Young people need to take risks; we all do, it’s part of being human. Indeed, it’s how we all grow and mature. We must teach our young that uncertainty is an inherent part of being human and a necessary condition for the emergence of creativity, individuality, and connectedness. That we need to be in co-operation with, not in opposition to, the intelligence of nature. That death is a part of life, not something to run from no matter what the cost may be. That we are powerful, spiritual beings, more powerful than those who controlled us during Covid (and continue to do so) would like us to be or like us to know. 

It takes courage, sound thinking and the fire of love in our hearts to seek only the truth to eventually break through the illusion. The Wizard of Oz parable is a reminder that we need to be very careful and take action to protect and help others around us, in particular the young and vulnerable. Just as the witches in the movie thought Oscar was a great wizard, we have made similar assumptions about the political system, and those who work within it, that they are there for the benefit of the people. They never were and never will be.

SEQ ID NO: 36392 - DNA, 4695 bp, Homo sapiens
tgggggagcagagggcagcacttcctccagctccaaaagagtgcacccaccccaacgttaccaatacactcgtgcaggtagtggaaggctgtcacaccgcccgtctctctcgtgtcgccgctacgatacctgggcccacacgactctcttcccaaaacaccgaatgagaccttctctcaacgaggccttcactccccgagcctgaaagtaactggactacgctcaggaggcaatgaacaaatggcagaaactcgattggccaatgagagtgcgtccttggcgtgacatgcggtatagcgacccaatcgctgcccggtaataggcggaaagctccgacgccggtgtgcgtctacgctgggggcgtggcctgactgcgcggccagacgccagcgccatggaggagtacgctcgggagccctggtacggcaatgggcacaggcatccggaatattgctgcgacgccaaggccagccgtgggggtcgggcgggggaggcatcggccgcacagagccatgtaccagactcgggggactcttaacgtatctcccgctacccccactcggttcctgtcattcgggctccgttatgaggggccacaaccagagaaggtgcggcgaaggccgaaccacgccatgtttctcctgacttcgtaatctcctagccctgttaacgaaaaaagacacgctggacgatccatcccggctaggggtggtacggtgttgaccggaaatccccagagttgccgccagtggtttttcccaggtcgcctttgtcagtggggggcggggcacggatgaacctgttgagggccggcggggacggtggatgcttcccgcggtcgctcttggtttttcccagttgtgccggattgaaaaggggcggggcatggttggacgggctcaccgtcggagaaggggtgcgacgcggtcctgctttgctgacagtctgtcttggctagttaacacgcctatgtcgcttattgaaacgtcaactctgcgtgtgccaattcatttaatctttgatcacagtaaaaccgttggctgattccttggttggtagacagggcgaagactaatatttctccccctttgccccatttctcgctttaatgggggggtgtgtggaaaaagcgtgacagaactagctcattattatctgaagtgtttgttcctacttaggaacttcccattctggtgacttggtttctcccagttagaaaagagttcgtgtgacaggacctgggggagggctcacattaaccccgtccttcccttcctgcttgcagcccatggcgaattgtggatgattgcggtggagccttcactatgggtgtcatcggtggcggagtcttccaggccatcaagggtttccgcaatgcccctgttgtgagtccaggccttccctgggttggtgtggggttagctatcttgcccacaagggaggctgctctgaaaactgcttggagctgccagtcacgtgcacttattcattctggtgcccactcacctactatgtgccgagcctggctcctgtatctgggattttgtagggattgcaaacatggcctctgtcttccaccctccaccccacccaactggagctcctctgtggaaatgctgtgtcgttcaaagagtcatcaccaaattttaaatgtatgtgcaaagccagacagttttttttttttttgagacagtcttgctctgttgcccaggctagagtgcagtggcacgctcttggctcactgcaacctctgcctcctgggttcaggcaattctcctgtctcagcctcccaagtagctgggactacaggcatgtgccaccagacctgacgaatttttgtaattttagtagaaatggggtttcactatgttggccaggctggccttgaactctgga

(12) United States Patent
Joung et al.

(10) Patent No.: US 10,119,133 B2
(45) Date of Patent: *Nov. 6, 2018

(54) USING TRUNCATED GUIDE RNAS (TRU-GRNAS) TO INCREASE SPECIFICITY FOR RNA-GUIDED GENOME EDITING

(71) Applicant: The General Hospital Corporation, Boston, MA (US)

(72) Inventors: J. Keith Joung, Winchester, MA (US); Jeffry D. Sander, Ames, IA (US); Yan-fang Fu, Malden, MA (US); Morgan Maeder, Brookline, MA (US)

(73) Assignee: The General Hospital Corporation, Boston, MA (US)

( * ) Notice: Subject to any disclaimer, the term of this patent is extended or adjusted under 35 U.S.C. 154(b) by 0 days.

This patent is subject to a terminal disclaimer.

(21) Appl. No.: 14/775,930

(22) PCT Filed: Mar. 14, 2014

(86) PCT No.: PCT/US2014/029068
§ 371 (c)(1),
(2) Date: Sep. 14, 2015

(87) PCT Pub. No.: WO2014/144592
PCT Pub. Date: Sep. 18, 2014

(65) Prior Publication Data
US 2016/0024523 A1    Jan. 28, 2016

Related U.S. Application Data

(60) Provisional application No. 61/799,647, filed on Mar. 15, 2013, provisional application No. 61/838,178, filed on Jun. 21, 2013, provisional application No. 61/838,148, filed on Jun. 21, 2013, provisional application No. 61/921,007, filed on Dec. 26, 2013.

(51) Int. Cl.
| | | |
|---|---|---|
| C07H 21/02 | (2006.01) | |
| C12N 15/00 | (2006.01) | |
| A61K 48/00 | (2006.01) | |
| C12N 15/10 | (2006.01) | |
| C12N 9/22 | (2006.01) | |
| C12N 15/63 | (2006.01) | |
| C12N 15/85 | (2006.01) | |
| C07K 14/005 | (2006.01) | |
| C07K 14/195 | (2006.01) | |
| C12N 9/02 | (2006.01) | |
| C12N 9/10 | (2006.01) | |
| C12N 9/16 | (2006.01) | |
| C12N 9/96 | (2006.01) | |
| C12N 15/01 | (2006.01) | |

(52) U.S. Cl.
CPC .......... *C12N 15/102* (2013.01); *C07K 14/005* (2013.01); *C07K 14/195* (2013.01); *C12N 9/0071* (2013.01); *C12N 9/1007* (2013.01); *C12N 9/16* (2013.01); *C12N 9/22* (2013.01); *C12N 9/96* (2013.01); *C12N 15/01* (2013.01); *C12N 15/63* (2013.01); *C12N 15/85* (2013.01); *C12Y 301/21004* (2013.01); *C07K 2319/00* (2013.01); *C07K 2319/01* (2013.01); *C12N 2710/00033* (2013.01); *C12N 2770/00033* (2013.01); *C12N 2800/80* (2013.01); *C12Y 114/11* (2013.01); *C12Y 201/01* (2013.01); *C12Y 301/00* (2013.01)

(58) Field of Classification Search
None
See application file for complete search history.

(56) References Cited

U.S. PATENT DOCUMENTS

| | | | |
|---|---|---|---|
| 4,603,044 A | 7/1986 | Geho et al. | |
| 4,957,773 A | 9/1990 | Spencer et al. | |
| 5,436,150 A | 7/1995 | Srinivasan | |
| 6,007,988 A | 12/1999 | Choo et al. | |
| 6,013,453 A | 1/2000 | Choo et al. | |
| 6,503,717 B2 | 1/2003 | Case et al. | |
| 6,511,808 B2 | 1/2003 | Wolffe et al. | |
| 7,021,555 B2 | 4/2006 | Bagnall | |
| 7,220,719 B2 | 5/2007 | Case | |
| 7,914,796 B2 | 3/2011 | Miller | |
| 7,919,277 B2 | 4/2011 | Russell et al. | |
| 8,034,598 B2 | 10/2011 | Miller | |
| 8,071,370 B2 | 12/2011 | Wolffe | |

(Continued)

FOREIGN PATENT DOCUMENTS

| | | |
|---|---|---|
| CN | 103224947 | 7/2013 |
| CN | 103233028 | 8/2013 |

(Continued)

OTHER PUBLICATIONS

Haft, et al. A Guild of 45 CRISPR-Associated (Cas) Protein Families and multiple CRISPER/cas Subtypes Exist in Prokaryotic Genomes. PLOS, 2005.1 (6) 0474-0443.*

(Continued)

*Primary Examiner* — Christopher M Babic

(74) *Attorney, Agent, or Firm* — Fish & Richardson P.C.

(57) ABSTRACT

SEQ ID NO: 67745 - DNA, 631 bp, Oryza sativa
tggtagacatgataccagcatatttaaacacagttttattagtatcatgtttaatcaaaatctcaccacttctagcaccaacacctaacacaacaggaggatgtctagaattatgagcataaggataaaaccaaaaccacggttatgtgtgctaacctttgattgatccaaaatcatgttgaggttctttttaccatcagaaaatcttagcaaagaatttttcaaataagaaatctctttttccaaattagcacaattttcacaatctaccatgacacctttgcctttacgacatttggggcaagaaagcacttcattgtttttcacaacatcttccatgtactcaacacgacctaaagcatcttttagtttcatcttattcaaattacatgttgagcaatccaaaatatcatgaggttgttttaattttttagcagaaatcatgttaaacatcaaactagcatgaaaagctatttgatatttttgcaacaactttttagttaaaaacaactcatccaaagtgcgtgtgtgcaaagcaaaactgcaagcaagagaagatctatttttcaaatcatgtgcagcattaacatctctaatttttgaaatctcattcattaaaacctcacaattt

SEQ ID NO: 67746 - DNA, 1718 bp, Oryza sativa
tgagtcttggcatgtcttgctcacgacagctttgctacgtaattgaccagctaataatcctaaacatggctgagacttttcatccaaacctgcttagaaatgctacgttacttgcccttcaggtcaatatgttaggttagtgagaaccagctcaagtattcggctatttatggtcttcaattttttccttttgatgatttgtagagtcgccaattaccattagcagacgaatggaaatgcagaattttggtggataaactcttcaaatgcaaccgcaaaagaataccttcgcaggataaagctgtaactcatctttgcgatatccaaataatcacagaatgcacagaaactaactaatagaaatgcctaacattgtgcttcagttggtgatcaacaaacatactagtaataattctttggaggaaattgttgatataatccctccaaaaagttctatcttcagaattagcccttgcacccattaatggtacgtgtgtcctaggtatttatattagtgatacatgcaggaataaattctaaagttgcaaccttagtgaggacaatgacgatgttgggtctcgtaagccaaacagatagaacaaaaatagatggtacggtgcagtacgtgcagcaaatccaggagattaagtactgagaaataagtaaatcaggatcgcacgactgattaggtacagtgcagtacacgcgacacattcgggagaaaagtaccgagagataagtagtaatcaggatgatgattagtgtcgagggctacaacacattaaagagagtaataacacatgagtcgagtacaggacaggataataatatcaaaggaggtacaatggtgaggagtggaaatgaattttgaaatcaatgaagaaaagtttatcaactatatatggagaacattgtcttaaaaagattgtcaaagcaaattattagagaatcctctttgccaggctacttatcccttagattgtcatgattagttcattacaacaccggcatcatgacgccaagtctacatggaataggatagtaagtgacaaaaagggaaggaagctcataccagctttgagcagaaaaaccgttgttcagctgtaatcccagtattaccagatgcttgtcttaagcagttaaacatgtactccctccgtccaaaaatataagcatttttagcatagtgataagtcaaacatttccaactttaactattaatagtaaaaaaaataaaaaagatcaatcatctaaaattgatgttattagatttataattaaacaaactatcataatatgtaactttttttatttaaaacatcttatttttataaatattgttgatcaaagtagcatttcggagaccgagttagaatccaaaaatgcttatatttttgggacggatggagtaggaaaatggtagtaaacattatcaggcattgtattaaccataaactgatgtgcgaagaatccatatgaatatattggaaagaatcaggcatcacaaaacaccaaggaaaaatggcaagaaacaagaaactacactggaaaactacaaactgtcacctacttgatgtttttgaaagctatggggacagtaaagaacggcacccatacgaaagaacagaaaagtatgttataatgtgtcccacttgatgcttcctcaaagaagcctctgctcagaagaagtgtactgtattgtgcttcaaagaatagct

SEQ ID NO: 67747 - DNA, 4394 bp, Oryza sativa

Speaking out calmly, wisely, and rationally is now essential, as it leads to experiences of “meaning and existence and even if it has no affect upon the other, it will steadily elevate us within our humanity’22. It’s also a fantastic way to model courage to our young people, to empower them to speak up for themselves, to be brave and risk standing out from the crowd. We must all wear our ruby slippers and, like Dorothy, realise how powerful we are and how magical the universe is. We must grow into this power and help our young feel confident to do the same:

‘The person who follows the crowd will usually go no further than the crowd. The person who walks alone is likely to find himself in places no one has ever seen before’

Albert Einstein

Sarah recently spoke about the above at ‘Healthcare: The Future’ – a 3-day online event broadcast from Zanzibar (

You can listen to her presentation here:


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  22. Desmet. M. The Psychology of Totalitarianism (2022) p142